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Breast Surgery: 4 Sensitive Questions Answered by the Surgeon

Get answers to some of the most common questions patients ask about breast augmentation and reduction – straight from Carlie Thompson, MD – a board-certified breast surgeon. 

What are the plastic surgery procedures that are done on the breasts?

Plastic surgery performed on the breasts includes reconstructive and cosmetic surgery. 

Breast reconstructive surgery is done for patients being treated for cancer who have had breast tissue removed or patients born with a congenital deformity who need to have their breasts reconstructed. 

Breast cosmetic surgery is done for patients looking to enhance the size, shape, or aesthetic appearance of their breasts.

It is important for patients considering breast reduction surgery to understand that surgery is not a perfect science. Understanding and having reasonable expectations about the outcome of the surgery is essential.

Breast plastic surgery includes surgeries like breast augmentation, breast reduction, and breast lift. 

  • Breast augmentation involves the use of breast implants and /or fat grafting, which is when a doctor takes fat from another part of the patient's body and injects it into the breasts, to increase the size or volume and enhance the shape of the breasts. 
  • Breast reduction, or reduction mammoplasty, is done to decrease the size and enhance the shape of the breasts. 
  • Breast lift, or mastopexy, is done to improve the shape, contour, and position of the breasts. 

These procedures - breast augmentation, breast reduction, and breast lift - can be done alone or in combination, and the goal of these procedures is to enhance the appearance of the breasts.

Breast reduction surgery is done to remove breast tissue in an attempt to reduce the size and volume of the breasts and to optimize the size, and shape of the breasts.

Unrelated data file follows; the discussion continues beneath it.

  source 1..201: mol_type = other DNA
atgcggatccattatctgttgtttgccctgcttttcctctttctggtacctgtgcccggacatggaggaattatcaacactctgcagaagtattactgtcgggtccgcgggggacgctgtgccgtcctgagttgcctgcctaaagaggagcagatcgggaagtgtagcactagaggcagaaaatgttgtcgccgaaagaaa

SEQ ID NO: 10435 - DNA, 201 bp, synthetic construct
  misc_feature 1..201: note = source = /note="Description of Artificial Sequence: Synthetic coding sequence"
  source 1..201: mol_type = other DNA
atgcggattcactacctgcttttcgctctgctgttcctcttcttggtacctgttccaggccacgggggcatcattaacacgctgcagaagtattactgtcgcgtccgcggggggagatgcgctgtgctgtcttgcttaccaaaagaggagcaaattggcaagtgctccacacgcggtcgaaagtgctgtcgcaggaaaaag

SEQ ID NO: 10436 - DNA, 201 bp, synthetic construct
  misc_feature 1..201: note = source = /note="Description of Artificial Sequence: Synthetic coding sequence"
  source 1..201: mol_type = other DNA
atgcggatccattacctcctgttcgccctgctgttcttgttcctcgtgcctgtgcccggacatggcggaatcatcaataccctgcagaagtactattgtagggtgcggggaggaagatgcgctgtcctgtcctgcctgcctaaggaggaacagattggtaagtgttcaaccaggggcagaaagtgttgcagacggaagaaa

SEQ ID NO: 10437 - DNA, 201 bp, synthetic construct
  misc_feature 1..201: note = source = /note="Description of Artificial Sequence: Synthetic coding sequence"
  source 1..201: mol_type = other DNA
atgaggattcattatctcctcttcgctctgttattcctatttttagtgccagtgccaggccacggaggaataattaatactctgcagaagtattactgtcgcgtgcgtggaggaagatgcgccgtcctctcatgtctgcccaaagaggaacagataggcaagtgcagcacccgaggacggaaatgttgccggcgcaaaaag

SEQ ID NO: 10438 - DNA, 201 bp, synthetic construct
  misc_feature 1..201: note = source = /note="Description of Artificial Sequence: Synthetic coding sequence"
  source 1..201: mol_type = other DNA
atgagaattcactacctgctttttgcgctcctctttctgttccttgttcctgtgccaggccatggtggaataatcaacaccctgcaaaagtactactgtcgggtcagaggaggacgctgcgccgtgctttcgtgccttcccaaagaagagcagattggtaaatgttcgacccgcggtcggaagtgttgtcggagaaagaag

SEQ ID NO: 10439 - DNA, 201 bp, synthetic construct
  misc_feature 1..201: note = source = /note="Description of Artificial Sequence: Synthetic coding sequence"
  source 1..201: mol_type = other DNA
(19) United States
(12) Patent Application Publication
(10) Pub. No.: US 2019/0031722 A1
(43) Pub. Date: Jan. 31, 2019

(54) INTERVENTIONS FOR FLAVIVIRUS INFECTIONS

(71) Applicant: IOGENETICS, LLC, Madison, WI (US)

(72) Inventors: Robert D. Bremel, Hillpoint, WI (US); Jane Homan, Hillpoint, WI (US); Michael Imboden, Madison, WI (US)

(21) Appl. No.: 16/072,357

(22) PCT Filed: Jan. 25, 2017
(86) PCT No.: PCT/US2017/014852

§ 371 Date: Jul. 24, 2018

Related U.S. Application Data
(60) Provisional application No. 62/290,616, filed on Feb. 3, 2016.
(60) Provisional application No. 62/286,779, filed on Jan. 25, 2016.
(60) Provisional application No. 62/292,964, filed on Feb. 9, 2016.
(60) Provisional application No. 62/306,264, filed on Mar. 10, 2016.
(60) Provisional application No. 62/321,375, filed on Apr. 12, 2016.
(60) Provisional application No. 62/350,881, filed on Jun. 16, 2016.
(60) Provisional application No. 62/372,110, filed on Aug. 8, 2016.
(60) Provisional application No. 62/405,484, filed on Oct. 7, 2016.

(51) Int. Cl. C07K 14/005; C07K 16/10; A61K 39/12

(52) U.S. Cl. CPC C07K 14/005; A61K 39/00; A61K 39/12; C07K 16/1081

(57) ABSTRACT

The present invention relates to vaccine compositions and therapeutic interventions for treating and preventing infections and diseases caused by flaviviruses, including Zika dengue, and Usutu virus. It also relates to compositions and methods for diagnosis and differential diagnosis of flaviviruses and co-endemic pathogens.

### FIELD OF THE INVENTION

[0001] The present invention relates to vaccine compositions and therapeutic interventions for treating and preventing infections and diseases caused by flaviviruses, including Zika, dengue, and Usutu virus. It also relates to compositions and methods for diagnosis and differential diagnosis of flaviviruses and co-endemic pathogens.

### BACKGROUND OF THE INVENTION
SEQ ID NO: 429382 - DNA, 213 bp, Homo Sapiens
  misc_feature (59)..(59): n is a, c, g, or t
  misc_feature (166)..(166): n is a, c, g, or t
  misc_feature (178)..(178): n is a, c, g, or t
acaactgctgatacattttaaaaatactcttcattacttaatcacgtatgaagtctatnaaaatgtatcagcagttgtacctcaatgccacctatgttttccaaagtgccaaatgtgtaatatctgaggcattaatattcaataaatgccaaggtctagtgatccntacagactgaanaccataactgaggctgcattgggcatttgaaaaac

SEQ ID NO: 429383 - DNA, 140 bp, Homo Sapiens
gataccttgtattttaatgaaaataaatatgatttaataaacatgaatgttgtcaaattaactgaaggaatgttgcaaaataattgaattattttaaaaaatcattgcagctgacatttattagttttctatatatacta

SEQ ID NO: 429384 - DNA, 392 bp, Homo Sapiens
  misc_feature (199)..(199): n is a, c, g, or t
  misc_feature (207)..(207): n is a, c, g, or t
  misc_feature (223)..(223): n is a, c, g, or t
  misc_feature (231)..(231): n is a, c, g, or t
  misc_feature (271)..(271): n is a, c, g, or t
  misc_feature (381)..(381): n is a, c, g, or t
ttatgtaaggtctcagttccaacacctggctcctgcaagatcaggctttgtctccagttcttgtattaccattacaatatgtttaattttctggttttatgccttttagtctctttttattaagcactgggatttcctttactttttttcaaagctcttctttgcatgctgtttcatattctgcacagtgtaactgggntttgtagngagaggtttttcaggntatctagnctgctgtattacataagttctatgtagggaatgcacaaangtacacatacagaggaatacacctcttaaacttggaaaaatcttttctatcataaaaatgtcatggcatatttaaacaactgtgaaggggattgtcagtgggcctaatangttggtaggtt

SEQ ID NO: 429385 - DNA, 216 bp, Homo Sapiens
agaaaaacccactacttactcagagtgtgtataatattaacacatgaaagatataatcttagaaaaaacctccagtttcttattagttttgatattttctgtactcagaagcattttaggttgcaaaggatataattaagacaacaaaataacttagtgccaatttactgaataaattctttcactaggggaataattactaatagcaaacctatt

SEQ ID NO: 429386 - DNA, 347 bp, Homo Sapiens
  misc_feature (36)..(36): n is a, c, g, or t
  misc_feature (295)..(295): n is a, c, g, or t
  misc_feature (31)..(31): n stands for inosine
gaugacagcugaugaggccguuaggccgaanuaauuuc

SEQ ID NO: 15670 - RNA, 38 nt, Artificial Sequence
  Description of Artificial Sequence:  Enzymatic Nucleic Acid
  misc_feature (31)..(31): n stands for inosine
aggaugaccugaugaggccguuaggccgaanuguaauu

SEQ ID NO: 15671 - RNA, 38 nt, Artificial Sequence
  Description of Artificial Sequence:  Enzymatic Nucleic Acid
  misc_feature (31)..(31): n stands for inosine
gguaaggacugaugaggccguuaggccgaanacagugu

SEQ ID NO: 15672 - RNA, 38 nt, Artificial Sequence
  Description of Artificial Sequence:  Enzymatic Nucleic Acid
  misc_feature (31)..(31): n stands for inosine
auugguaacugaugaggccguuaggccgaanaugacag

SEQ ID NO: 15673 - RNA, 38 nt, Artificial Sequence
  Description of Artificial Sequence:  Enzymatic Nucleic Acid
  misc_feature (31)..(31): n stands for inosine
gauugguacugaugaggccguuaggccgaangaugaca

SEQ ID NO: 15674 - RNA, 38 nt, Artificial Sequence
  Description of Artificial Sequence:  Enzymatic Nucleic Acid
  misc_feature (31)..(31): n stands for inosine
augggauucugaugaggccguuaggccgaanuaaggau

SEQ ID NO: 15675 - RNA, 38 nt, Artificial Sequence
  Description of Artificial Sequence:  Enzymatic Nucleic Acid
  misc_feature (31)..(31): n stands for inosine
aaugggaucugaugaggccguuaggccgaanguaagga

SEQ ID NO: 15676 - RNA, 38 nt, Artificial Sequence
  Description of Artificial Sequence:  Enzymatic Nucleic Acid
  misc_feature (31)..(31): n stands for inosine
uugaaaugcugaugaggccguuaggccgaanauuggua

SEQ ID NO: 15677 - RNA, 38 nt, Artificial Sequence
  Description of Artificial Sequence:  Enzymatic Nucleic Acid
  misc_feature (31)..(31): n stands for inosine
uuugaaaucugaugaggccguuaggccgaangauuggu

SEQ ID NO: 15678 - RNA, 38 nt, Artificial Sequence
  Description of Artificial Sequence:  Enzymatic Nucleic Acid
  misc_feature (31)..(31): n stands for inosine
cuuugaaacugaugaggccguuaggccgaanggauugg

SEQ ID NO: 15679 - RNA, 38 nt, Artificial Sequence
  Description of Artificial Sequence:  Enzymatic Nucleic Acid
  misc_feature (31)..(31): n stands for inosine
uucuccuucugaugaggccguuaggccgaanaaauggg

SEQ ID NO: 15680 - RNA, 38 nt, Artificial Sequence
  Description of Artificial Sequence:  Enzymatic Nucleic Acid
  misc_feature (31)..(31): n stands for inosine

This surgery is done for patients who have large or extra-large breasts and their breasts are causing some sort of physical, mental or emotional distress, such as neck, shoulder, and back pain and psychological distress from living with very large breasts. 

Breast reduction surgery can be done for a number of reasons, but the ultimate goal is to reduce the size of the breasts and to give the patient what they feel is a more proportional breast size for their body.

What are the benefits and risks of breast reduction surgery?


The benefits of breast reduction surgery include the relief of physical, mental, emotional, or psychological discomforts that a patient might be experiencing from having large breasts, such as:

  • Relief of neck, shoulder, or back pain
  • Alleviation of other physical consequences associated with having large breasts, such as infections that occur in the crease under the breast tissue 
  • Increased body confidence
  • Relief of psychological and mental distress that comes along with having very large breasts.   


The risks of breast reduction surgery, like any other surgery, include bleeding and infection. 

Another category of risks associated with breast reduction surgery is unfavorable scarring. This scarring can happen on the skin and within the breast tissue, where it can be felt as a lump or discomfort in the breast. Scarring within the breast tissue can also lead to abnormalities on mammograms. 

Some other risks that patients need to be aware of are the potential inability to breastfeed and the possibility of needing a revisional surgery. 

It is important for patients considering breast reduction surgery to understand that surgery is not a perfect science. Understanding and having reasonable expectations about the outcome of the surgery is essential.

What preparation is needed before the surgery?

The first step for women considering breast reduction surgery is to meet with a well-trained and qualified surgeon that has plenty of experience doing this operation.

In the United States, breast reduction surgeries are typically done by plastic surgeons.

Questions to ask the surgeon during the visit: 

  • How much experience do you have doing this operation?
  • What are the risks of the operation? 
  • What is the expected recovery? 
  • Am I going to need to stay in the hospital? 
  • What are reasonable expectations for the outcome of the surgery? (Here the surgeon might have pictures that they could show the patient of breast reduction surgeries that they've done in the past.) 
  • Will I have drains after the surgery? 

During the visit with the surgeon, the surgeon will assess the patient's candidacy for the operation and potentially take some preoperative photos. Then, if the patient decides to proceed with the surgery, the surgeon might want the patient to undergo an evaluation by their primary care physician and have blood work done. 

If the patient is a smoker, the surgeon might ask or encourage the patient to stop smoking well ahead of the surgery. 

In preparation for the surgery, it is also important to arrange to take time to recover and have help available. 

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